Whatever’s next for ‘Avatar’ team, it’ll be in 3-D

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Whatever’s next for ‘Avatar’ team, it’ll be in 3-D


Ben Stiller as a Na’vi from “Avatar” at the 2010 Oscars March 8. [AP]

TEL AVIV, Israel - Hollywood producer Jon Landau said on Sunday he and director James Cameron were considering a sequel to 3-D blockbuster “Avatar” among several projects.

“This is the first week we are not thinking about Avatar,” Landau told reporters at a conference sponsored by the Israeli technology firm Matrix a week after the movie lost out to the Iraq war drama “The Hurt Locker” for best picture and director at the Oscars. “We are talking about an Avatar sequel as well as a small love story called ‘The Dive’ and a movie called ‘Fantastic Voyage’.”

Another project planned by the duo was “Battle Angel Alita”, based on a Japanese novel set in the future and centring on a young female cyborg’s quest for self-discovery.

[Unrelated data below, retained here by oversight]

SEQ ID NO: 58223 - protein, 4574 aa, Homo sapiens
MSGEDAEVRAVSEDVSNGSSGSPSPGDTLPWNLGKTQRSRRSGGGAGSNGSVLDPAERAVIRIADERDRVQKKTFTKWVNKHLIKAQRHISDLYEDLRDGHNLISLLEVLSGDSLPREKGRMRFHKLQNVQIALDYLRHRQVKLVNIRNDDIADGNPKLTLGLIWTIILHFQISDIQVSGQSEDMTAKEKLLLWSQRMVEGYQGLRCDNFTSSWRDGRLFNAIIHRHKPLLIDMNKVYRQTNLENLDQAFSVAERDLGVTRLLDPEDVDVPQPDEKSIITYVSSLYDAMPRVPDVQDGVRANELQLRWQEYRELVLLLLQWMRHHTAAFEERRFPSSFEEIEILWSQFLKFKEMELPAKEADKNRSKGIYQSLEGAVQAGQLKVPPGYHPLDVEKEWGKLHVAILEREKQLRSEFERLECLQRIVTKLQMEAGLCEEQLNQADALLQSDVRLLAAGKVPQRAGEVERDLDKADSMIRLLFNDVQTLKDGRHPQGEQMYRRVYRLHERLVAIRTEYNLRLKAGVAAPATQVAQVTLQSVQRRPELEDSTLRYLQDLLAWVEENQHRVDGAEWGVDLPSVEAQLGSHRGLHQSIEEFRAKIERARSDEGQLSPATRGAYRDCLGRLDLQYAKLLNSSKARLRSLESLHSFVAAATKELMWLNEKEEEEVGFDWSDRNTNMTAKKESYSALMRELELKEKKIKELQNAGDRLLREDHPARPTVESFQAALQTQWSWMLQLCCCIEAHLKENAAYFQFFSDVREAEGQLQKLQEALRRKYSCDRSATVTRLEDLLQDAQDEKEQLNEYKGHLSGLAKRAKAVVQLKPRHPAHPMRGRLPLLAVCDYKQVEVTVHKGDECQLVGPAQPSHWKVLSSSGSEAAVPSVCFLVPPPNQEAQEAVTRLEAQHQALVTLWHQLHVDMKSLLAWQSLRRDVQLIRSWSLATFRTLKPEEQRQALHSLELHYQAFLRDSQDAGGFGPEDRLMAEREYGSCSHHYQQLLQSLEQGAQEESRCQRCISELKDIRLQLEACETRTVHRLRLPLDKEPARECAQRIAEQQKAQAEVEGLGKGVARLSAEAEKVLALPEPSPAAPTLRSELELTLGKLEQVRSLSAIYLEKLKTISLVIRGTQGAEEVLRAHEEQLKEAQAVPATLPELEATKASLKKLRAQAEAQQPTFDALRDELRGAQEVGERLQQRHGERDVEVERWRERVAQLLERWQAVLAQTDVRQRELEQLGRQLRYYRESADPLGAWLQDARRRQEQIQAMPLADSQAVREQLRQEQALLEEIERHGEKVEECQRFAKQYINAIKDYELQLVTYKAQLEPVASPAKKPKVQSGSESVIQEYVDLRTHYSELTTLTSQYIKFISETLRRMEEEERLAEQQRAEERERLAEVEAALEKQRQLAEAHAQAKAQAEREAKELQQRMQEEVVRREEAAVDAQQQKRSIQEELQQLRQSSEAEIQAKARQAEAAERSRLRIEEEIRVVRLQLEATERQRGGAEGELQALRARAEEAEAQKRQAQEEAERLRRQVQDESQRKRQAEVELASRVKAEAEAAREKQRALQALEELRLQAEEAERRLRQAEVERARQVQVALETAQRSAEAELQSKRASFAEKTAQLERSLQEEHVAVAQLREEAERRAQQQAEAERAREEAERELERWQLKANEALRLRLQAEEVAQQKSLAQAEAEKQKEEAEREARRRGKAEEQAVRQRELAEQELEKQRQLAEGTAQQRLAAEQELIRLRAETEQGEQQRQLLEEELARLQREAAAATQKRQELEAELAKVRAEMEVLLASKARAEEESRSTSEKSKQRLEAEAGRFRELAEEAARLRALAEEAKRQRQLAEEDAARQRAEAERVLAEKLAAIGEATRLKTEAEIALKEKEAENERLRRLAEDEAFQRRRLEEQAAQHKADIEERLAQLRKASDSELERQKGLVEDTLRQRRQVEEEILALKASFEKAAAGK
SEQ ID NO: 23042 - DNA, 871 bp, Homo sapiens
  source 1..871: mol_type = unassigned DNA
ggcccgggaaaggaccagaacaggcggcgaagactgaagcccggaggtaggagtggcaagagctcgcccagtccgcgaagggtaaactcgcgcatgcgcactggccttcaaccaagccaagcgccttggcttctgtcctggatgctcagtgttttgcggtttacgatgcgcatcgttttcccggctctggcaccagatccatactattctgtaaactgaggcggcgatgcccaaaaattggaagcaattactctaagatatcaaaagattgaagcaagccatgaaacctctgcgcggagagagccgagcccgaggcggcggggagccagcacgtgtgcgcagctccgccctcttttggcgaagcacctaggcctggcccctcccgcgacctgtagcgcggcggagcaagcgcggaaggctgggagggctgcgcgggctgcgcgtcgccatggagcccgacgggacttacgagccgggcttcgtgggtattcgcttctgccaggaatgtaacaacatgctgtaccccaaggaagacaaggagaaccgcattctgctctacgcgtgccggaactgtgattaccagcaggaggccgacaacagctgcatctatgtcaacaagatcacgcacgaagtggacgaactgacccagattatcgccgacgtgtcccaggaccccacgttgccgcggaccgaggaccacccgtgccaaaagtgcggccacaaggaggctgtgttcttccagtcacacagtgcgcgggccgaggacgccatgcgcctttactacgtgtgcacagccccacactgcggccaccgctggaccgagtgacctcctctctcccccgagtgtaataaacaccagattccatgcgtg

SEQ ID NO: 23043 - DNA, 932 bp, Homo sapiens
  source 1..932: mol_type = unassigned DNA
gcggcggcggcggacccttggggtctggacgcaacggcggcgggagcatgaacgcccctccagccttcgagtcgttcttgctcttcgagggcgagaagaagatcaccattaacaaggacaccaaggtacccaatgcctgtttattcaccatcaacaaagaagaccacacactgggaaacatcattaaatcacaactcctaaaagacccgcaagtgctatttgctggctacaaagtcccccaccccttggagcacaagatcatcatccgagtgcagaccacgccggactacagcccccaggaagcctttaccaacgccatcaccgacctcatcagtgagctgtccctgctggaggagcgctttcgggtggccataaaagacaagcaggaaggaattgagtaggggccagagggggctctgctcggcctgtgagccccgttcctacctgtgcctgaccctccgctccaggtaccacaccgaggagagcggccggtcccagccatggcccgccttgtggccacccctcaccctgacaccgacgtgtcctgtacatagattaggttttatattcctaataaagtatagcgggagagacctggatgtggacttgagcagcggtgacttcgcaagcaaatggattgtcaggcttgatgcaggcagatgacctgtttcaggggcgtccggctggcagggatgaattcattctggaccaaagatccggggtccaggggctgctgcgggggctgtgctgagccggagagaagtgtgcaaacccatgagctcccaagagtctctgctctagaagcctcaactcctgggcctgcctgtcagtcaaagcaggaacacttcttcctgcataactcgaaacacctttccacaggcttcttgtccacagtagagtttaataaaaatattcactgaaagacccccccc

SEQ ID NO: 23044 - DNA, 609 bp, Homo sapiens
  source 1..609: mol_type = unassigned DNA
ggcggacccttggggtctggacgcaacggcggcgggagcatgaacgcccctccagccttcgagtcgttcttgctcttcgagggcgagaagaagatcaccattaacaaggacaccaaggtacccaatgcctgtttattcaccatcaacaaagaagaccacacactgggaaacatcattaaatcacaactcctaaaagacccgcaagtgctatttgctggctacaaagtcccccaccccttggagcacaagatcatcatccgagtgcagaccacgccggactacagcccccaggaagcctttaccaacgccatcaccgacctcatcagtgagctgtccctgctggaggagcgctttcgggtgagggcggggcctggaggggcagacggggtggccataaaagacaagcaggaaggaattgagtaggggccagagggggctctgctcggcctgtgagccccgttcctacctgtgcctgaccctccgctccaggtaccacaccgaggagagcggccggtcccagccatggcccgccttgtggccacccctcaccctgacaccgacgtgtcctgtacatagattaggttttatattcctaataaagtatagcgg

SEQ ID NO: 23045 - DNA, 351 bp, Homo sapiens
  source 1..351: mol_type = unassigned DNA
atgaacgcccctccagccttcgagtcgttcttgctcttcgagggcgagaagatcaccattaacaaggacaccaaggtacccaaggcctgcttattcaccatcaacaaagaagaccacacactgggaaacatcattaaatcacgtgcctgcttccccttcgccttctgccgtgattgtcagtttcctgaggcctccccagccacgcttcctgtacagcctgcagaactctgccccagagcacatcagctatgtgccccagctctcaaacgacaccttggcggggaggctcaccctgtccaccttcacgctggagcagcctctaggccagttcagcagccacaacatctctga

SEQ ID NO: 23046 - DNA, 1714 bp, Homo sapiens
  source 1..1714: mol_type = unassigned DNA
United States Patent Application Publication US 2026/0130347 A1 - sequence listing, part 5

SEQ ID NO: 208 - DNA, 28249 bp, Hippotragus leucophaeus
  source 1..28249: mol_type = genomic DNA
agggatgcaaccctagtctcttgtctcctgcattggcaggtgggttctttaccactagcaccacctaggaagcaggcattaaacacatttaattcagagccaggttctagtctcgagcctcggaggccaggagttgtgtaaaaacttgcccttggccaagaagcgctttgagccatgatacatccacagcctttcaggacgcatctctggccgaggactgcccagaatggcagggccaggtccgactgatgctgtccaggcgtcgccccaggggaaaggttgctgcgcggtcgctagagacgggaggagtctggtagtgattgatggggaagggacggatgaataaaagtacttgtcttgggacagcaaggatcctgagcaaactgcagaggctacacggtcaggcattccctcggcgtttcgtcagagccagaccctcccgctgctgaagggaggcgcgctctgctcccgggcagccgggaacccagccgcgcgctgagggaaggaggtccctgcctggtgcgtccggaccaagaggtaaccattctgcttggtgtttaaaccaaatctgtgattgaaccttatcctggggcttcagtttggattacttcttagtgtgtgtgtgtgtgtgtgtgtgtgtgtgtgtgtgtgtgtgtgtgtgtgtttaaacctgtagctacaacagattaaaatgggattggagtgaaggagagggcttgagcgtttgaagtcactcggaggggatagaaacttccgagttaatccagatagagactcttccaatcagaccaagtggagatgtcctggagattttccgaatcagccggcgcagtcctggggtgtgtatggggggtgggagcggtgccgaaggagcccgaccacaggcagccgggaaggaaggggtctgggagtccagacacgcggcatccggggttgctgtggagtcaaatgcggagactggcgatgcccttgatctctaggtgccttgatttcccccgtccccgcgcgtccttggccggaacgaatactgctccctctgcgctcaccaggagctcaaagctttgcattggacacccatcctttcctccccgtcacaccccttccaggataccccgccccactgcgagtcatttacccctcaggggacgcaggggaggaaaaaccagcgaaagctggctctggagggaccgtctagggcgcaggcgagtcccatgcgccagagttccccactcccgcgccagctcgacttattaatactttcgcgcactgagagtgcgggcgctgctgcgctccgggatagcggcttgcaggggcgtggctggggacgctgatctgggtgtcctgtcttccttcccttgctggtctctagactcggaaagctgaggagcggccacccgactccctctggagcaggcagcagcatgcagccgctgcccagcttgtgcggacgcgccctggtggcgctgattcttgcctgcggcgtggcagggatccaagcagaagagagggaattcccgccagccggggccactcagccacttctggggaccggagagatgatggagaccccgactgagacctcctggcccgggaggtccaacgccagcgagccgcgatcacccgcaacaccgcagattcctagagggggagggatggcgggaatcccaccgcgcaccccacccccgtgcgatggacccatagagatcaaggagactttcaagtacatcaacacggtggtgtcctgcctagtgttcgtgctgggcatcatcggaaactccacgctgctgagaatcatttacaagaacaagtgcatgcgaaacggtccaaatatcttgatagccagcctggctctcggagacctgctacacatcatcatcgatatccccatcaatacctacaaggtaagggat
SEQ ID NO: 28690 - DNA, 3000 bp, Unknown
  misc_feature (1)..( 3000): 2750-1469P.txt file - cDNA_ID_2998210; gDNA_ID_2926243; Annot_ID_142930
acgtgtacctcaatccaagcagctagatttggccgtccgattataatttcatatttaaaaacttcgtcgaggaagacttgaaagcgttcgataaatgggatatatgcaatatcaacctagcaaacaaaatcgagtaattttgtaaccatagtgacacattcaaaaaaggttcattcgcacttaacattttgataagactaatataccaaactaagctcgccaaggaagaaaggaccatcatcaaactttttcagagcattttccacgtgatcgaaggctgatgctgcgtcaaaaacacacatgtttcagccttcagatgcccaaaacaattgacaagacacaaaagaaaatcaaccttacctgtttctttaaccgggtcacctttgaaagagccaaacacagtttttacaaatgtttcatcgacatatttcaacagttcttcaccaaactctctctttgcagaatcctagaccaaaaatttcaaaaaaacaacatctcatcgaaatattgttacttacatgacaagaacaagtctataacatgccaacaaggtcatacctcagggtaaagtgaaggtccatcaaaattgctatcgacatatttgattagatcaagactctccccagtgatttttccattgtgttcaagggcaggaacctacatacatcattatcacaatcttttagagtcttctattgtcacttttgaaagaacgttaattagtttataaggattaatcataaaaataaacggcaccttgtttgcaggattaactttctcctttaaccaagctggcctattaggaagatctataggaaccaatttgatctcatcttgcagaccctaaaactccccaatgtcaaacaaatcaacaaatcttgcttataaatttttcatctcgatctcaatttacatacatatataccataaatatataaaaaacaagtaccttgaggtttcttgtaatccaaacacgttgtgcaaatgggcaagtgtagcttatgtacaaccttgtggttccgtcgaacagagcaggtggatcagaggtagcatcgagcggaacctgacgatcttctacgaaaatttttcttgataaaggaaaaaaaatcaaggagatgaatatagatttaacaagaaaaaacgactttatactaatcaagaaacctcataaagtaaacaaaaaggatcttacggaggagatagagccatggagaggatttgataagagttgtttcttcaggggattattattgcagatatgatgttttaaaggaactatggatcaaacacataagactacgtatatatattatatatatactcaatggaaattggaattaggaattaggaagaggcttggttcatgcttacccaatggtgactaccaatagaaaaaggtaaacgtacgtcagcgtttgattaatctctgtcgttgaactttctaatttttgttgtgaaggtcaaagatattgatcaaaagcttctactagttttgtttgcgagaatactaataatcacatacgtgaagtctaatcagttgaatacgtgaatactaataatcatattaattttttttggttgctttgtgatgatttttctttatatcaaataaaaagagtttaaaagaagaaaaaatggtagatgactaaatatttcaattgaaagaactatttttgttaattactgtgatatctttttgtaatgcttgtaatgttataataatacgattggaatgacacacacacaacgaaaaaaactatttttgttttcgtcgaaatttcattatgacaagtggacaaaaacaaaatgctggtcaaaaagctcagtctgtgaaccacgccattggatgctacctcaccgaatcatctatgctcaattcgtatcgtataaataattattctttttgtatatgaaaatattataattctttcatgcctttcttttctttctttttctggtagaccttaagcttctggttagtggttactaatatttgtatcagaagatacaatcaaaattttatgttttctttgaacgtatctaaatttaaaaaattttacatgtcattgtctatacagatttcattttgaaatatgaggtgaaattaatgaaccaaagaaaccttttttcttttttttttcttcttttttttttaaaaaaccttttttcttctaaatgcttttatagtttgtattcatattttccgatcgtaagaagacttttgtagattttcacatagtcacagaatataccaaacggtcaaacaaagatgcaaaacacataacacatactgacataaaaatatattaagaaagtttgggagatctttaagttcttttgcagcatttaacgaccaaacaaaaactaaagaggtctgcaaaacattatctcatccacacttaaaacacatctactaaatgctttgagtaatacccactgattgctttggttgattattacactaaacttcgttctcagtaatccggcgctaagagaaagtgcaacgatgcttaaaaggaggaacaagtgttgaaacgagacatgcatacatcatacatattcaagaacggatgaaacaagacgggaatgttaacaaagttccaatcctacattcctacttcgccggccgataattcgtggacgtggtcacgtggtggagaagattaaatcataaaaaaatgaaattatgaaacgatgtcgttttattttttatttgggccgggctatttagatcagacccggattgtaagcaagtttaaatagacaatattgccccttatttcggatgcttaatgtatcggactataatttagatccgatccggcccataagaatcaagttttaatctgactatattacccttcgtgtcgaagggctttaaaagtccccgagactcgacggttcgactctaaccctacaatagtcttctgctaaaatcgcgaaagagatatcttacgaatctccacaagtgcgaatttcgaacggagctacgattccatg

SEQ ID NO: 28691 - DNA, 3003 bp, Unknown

Landau said a decision on which project they would pursue first would be taken within six months.

“We always said if the movie was successful we would do an ‘Avatar 2’ but we have to find the right story. Jim Cameron ... will only do one if he believes it will be as good as the first,” said Landau.

One thing is fairly certain about the next movie the pair make - it will be in 3-D. “I don’t think we will ever make another 2-D film. Why would we make a movie in black and white if we have color?” Landau said.

With global ticket sales of $2.6 billion, “Avatar” is the highest-grossing film ever, eclipsing Cameron’s Oscar-winning blockbuster “Titanic,” also produced by Landau.

Landau said he believed all screens would move to 3-D, including mobile devices, computer screens and televisions, adding that he recently met officials from Internet telephony firm Skype, who were interested in 3-D technology.

He said he foresaw a future in which the audience would determine what path a film followed.

“Imagine going to the same movie three times and having three different experiences because the audience you are with takes a different path,” he said.

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